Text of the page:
sociolinguistics, the study of language as it affects and is affected by social relations. Sociolinguistics encompasses a broad range of concerns, including bilingualism, pidgin and creole languages, and other ways that language use is influenced by contact among people of different language communities (e.g., speakers of German, French, Italian, and Romansh in Switzerland). Sociolinguists also examine different dialects, accents, and levels of diction in light of social distinctions among people. Although accent refers strictly to pronunciation, in practice a dialect can usually be identified by the accent of its speakers as well as by distinctive words, usages, idiomatic expressions, and grammatical features. Dialects reflect and may reinforce class, ethnic, or regional differences among speakers of the same language. In some cases difference of dialect shades into difference of language. Where the line between them is not clear, groups that are linguistically distinct are considered to speak different dialects of the same language if they can generally understand each other, although what constitutes this mutual intelligibility is itself not always clear. For example, someone speaking Mandarin may not be able to understand the spoken form of another Chinese dialect but can read it, since the written form of all Chinese dialects is universal; Serbs and Croats, on the other hand, speak essentially the same language but use different alphabets to write it. Individuals sometimes deliberately change their dialect as a means of improving their social status. Speakers of any dialect or any language may modulate their vocabulary and level of diction according to social context, speaking differently in church, for example, than on the playground; social activities that tend to shape the language of those engaging in it are sometimes called registers.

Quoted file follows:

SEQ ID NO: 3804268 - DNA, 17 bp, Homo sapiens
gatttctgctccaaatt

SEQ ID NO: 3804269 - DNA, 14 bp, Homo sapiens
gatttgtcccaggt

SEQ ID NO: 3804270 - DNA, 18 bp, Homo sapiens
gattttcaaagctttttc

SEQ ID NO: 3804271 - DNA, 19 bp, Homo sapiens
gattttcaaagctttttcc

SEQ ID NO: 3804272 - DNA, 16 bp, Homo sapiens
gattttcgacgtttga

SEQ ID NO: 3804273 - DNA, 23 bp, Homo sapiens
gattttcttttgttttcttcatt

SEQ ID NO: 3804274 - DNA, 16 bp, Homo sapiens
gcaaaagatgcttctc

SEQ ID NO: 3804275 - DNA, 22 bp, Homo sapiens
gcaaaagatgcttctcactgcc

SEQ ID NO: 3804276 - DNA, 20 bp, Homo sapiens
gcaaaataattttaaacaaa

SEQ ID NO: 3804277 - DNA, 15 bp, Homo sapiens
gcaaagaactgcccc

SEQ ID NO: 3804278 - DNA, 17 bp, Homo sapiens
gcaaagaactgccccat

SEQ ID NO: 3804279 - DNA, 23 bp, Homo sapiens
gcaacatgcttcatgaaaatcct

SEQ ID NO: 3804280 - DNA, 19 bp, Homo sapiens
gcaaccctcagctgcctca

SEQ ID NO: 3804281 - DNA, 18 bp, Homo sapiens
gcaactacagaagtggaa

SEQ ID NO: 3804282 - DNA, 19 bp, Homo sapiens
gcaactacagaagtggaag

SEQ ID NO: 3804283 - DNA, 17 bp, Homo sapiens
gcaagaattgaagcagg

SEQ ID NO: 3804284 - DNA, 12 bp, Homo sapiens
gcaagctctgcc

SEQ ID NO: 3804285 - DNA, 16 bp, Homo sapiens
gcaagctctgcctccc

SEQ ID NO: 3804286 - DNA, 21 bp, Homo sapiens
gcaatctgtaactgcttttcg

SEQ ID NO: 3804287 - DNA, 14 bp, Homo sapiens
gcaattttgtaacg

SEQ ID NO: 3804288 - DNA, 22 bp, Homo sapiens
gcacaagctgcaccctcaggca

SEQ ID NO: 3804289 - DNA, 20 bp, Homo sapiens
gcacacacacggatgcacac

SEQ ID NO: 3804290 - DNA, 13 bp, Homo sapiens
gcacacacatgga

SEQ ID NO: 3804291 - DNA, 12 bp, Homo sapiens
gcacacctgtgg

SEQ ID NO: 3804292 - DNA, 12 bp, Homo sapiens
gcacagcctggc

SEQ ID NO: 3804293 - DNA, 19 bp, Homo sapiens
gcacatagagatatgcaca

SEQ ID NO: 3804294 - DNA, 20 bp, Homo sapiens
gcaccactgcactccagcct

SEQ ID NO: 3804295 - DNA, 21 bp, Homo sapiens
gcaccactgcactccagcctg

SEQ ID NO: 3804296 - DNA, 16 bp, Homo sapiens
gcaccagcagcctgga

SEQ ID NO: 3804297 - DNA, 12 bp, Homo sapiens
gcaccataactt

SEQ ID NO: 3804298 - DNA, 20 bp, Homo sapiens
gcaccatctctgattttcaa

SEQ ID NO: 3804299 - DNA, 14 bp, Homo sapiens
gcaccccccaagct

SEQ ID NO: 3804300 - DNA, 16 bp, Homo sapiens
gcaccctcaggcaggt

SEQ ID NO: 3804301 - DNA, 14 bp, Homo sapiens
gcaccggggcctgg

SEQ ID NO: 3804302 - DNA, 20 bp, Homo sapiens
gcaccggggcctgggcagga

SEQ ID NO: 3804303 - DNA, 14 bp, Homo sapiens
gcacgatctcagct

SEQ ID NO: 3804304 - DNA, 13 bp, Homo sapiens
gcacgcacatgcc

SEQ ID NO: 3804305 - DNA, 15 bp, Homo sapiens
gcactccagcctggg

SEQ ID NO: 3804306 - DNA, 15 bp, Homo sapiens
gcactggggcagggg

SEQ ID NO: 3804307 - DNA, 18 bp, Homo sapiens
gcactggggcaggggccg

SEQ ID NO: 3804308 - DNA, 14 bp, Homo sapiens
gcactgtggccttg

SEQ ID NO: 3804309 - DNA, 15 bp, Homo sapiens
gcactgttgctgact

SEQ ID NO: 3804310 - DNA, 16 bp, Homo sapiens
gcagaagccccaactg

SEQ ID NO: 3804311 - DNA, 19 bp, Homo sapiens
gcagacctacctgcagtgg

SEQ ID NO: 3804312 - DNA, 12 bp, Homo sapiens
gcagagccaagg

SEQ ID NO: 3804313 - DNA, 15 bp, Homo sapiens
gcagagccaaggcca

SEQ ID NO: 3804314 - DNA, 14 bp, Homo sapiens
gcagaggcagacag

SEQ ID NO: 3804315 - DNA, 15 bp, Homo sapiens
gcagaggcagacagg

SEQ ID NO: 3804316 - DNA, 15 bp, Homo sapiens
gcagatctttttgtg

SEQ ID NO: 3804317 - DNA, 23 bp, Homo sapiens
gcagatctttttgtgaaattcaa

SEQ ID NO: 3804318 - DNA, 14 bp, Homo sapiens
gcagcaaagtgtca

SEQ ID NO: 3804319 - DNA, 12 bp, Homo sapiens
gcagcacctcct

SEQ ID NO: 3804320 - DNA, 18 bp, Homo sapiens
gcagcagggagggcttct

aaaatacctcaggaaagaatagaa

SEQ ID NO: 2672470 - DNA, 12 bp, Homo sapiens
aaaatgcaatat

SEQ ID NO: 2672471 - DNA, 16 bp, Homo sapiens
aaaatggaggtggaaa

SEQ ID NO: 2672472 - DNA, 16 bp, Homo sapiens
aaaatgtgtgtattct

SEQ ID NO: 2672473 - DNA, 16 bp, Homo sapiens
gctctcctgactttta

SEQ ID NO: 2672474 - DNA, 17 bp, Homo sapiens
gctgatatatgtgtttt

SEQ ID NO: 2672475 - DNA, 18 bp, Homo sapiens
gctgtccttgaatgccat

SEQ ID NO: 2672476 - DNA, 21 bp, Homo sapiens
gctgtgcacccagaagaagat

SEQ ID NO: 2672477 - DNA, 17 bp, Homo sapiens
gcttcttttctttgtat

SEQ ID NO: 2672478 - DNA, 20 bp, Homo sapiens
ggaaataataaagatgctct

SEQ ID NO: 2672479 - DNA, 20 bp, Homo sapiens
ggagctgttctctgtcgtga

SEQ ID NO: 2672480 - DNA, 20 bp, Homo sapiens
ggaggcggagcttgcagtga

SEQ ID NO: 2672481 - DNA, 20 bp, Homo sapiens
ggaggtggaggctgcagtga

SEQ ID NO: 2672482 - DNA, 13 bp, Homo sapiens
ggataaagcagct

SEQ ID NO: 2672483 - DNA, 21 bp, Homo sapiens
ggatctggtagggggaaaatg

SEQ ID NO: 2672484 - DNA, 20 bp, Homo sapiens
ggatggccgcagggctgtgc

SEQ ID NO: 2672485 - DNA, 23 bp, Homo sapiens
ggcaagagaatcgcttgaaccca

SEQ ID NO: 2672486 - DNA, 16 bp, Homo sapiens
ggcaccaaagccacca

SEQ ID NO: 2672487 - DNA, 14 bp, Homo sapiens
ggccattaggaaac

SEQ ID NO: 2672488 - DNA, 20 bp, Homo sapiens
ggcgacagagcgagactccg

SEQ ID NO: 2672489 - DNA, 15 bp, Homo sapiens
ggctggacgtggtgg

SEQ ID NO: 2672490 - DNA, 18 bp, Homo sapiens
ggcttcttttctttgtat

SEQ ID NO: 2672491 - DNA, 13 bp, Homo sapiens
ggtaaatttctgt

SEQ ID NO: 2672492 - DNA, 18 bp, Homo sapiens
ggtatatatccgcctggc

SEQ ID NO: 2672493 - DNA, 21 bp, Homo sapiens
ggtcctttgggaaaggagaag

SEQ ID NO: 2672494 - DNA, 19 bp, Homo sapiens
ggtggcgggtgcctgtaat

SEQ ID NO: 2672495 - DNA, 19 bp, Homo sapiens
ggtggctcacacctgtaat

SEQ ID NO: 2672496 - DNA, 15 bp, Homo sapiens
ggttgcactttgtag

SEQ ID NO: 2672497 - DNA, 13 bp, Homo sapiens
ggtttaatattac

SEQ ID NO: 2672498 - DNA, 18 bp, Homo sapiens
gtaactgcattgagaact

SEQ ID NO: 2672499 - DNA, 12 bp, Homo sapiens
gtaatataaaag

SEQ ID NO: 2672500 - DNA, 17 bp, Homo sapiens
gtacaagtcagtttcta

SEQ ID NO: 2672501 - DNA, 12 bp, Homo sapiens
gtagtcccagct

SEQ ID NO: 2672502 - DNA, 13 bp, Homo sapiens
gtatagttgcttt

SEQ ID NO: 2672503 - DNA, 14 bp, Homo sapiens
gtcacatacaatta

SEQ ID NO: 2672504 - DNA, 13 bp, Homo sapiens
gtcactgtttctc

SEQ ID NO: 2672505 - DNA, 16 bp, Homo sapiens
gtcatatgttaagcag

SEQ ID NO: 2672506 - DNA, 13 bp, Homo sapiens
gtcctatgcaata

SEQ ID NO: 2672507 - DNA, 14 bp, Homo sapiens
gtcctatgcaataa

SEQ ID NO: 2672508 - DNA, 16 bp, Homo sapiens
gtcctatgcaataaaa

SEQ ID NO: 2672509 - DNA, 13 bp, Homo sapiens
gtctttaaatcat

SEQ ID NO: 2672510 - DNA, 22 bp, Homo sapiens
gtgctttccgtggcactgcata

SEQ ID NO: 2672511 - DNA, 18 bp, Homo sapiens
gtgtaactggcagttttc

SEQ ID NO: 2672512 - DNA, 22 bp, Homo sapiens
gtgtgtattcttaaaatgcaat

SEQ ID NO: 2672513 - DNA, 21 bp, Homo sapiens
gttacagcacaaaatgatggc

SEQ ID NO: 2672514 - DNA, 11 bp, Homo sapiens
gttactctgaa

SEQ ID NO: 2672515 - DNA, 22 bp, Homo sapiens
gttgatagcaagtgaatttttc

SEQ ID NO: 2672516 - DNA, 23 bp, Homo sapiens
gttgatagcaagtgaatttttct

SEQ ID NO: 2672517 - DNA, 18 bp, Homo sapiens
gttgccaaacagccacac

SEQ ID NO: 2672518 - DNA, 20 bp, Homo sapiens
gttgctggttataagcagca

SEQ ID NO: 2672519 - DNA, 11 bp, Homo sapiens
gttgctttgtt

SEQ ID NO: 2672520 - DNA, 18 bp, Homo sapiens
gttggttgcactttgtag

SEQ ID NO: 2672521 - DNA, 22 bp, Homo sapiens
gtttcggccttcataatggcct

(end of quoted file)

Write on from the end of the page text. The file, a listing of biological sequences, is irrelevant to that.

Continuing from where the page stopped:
See R. A. Hudson, Sociolinguistics (1980); P. Trudgill, Dialects in Contact (1986); H. Giles and N. Coupland, Language: Contexts and Consequences (1991).

The Columbia Encyclopedia, 6th ed. Copyright© 2014, The Columbia University Press.

Sociolinguistics: Selected full-text books and articles

Introducing Sociolinguistics
Rajend Mesthrie; Joan Swann; Ana Deumert; William L. Leap.
Edinburgh University Press, 2009 (2nd edition)
An Introduction to English Sociolinguistics
Graeme Trousdale.
Edinburgh University Press, 2010
Qualitative Methods in Sociolinguistics
Barbara Johnstone.
Oxford University Press, 2000
Sociolinguistics and Corpus Linguistics
Paul Baker.
Edinburgh University Press, 2010
The History of English in a Social Context: A Contribution to Historical Sociolinguistics
Dieter Kastovsky; Arthur Mettinger.
Mouton de Gruyter, 2000
Sociolinguistic Variation
Carmen Fought.
Oxford University Press, 2004
Style and Sociolinguistic Variation
Penelope Eckert; John R. Rickford.
Cambridge University Press, 2001
Language and Identities
Carmen Llamas; Dominic Watt.
Edinburgh University Press, 2010
Languages in a Globalising World
Jacques Maurais; Michael A. Morris.
Cambridge University Press, 2003
English in Its Social Contexts: Essays in Historical Sociolinguistics
Tim William MacHan; Charles T. Scott.
Oxford University Press, 1992
Sociolinguistic Perspectives: Papers on Language in Society, 1959-1994
Charles A. Ferguson; Thom Huebner.
Oxford University Press, 1996
Sociolinguistics: A Resource Book for Students
Peter Stockwell.
Routledge, 2002
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